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Building Healthy Relationships

In healthy relationships, people feel connected with each other while still having a sense of autonomy and independence. Individuals are able to express their needs, wants, and concerns with one another, and everyone’s rights and boundaries are respected.


Trust is a fundamental building block of close relationships. While building trust can be a slow process, breaking trust often happens quickly. The following are tips from Dr. Andrea Bonier for fostering trust in a relationship:

    • Be honest
    • Allow yourself to be increasingly vulnerable
    • Show respect
    • Give the benefit of the doubt
    • Express your feelings in a healthy way
    • Do new things together
    • Practice mutual giving and receiving

Understanding Boundaries

Boundaries help define the types of behaviors an individual will, or won’t, accept from others.  There are physical boundaries, such as touch, personal space, and privacy. There are also emotional boundaries that help individuals separate their thoughts and feelings from those of other people. Individuals define their own boundaries, which can be influenced by many things, including personal experience and culture. Ultimately, boundaries help individuals to protect and preserve important personal values in relationships. It is a myth that people in close relationships have no boundaries with one another. In fact, in healthy relationships, people set and communicate their own boundaries while also respecting others’ boundaries.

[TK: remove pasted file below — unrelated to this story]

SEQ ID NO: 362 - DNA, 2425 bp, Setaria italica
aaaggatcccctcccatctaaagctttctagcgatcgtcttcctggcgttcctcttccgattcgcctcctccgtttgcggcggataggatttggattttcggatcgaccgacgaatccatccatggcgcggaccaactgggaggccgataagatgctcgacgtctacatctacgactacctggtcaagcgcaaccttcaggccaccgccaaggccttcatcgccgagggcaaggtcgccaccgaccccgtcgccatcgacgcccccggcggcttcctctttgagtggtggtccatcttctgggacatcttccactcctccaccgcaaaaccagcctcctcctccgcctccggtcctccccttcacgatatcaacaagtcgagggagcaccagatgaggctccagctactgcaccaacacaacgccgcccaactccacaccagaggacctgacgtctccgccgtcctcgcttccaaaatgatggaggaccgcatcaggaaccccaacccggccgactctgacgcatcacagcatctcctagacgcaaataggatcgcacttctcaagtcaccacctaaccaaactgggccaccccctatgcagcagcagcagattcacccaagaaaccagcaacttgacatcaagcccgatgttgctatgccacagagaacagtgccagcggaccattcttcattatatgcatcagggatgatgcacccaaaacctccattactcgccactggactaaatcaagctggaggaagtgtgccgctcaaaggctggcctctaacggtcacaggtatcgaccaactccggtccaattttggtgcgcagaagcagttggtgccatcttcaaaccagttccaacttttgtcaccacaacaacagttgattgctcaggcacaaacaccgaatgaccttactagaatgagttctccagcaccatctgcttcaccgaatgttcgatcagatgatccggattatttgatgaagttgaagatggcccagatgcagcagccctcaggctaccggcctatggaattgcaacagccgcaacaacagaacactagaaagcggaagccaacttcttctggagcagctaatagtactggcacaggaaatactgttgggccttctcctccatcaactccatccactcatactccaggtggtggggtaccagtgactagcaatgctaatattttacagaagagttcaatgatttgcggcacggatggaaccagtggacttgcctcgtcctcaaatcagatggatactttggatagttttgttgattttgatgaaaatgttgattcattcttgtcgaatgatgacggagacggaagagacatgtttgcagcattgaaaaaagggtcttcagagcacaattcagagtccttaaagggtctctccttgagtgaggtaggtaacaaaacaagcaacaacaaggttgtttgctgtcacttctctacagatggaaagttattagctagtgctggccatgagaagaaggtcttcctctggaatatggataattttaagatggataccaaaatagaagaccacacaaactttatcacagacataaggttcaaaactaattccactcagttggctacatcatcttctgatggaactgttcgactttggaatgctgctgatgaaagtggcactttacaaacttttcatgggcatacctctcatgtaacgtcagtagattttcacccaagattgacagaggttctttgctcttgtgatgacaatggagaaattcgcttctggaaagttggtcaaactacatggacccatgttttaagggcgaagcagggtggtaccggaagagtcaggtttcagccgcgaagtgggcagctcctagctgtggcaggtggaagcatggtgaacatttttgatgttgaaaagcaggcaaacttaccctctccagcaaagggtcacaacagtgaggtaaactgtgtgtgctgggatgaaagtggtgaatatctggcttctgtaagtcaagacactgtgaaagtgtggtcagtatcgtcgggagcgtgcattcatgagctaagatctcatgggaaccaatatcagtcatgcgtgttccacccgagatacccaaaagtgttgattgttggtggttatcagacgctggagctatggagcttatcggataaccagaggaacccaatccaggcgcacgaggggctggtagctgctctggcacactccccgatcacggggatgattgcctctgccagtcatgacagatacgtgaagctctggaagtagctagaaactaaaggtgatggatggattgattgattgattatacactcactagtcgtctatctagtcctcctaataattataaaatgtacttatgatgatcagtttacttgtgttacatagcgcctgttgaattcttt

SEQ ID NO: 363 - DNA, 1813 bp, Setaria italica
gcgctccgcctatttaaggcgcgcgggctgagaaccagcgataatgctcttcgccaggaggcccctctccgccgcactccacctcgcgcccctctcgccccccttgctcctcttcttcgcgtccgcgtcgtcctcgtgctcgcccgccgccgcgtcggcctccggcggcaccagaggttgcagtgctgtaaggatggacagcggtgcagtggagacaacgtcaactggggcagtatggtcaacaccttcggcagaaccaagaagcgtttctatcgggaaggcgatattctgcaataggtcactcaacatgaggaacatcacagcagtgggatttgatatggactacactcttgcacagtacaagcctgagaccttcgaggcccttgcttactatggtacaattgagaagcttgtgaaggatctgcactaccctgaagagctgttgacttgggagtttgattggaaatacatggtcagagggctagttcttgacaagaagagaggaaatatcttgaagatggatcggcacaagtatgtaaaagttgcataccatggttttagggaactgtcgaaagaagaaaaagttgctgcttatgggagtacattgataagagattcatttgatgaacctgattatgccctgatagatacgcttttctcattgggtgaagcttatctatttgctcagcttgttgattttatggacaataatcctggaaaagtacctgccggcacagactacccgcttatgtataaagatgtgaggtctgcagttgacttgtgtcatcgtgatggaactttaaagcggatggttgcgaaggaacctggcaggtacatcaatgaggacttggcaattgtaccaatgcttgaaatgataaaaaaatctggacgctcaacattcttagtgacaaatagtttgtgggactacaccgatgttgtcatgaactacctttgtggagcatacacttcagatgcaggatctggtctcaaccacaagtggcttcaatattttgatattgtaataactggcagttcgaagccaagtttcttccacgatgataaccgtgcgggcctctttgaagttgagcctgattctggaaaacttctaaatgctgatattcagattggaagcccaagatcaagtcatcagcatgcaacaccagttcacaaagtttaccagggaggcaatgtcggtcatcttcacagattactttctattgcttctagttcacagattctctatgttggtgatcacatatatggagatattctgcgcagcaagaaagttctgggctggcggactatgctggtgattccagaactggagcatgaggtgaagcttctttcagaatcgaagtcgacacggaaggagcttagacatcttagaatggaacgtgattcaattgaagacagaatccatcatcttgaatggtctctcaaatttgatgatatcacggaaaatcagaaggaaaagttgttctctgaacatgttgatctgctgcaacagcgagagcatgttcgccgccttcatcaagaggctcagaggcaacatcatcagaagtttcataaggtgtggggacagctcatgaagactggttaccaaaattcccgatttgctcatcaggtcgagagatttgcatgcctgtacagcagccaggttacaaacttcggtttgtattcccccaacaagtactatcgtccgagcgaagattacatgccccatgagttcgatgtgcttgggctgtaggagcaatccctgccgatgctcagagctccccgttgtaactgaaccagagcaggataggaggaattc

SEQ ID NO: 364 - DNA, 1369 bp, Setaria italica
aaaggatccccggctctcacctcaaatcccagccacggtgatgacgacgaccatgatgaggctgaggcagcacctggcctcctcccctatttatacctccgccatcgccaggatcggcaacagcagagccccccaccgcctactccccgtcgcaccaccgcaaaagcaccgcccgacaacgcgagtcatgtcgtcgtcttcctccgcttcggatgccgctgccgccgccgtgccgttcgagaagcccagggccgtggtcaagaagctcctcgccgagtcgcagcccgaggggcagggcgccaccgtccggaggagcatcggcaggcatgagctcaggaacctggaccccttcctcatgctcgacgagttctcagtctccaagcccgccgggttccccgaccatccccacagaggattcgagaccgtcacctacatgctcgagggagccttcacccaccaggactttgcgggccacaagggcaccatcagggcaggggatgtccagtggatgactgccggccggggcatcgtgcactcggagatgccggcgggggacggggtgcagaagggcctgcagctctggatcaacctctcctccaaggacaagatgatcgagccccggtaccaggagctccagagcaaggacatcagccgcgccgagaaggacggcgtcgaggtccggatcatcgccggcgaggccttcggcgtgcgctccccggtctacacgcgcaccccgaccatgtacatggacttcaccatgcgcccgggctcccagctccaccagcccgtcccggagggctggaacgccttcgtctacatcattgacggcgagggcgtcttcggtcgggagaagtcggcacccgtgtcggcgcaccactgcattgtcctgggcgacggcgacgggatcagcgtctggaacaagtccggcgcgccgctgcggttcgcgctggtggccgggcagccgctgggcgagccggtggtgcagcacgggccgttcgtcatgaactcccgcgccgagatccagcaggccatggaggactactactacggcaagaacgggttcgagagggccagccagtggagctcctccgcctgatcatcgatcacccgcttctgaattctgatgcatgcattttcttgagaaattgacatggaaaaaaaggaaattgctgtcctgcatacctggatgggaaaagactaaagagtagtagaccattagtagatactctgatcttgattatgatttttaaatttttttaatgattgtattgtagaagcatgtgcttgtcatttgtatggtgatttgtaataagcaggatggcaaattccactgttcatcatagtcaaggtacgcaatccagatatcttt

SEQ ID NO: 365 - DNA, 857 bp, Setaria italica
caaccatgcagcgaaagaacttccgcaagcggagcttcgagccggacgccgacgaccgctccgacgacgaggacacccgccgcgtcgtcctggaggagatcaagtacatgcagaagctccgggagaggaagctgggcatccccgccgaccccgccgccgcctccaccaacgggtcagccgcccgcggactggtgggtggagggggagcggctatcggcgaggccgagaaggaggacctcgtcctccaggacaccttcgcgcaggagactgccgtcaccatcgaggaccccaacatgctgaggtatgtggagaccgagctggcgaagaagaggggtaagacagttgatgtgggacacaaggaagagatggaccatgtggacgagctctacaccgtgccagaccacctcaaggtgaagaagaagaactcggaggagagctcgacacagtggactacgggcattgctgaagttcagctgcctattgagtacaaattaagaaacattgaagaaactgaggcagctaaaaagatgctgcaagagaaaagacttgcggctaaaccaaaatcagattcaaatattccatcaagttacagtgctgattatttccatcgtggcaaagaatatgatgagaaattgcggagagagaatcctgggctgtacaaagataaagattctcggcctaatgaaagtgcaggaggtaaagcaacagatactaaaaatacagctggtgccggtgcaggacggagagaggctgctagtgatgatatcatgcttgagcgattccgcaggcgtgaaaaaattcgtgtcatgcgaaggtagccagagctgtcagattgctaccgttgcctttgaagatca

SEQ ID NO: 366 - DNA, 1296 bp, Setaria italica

Communication is the glue that holds relationships together! Being able to express your needs and wants, while also listening to the needs and wants of others, is key to good communication. Some tips for improving communication with others include:

  • Use “I” statements, such as “I feel ____ when you _______ because ________________.” This can help the speaker take responsibility for their feelings and thoughts, while letting others know about problematic behavior without blaming or shaming.
  • Avoid unhelpful communication patterns, such as criticism, defensiveness, name-calling, and “stonewalling” (shutting down and not responding to others).
  • It’s okay to be assertive and hold boundaries with others as needed. This is not the same thing as being aggressive.
  • When the other person is speaking, try to fully listen without judgment to what they are saying. Reflect back to them what you’ve heard them say before responding with your own thoughts or feelings

Maintaining Relationships During COVID-19

This webinar episode addresses and validates students' relationship concerns regarding COVID-19. The facilitators discuss potential impacts to relationships due to social distancing/self-isolation, and provide ways of managing conflict while creating connections with others.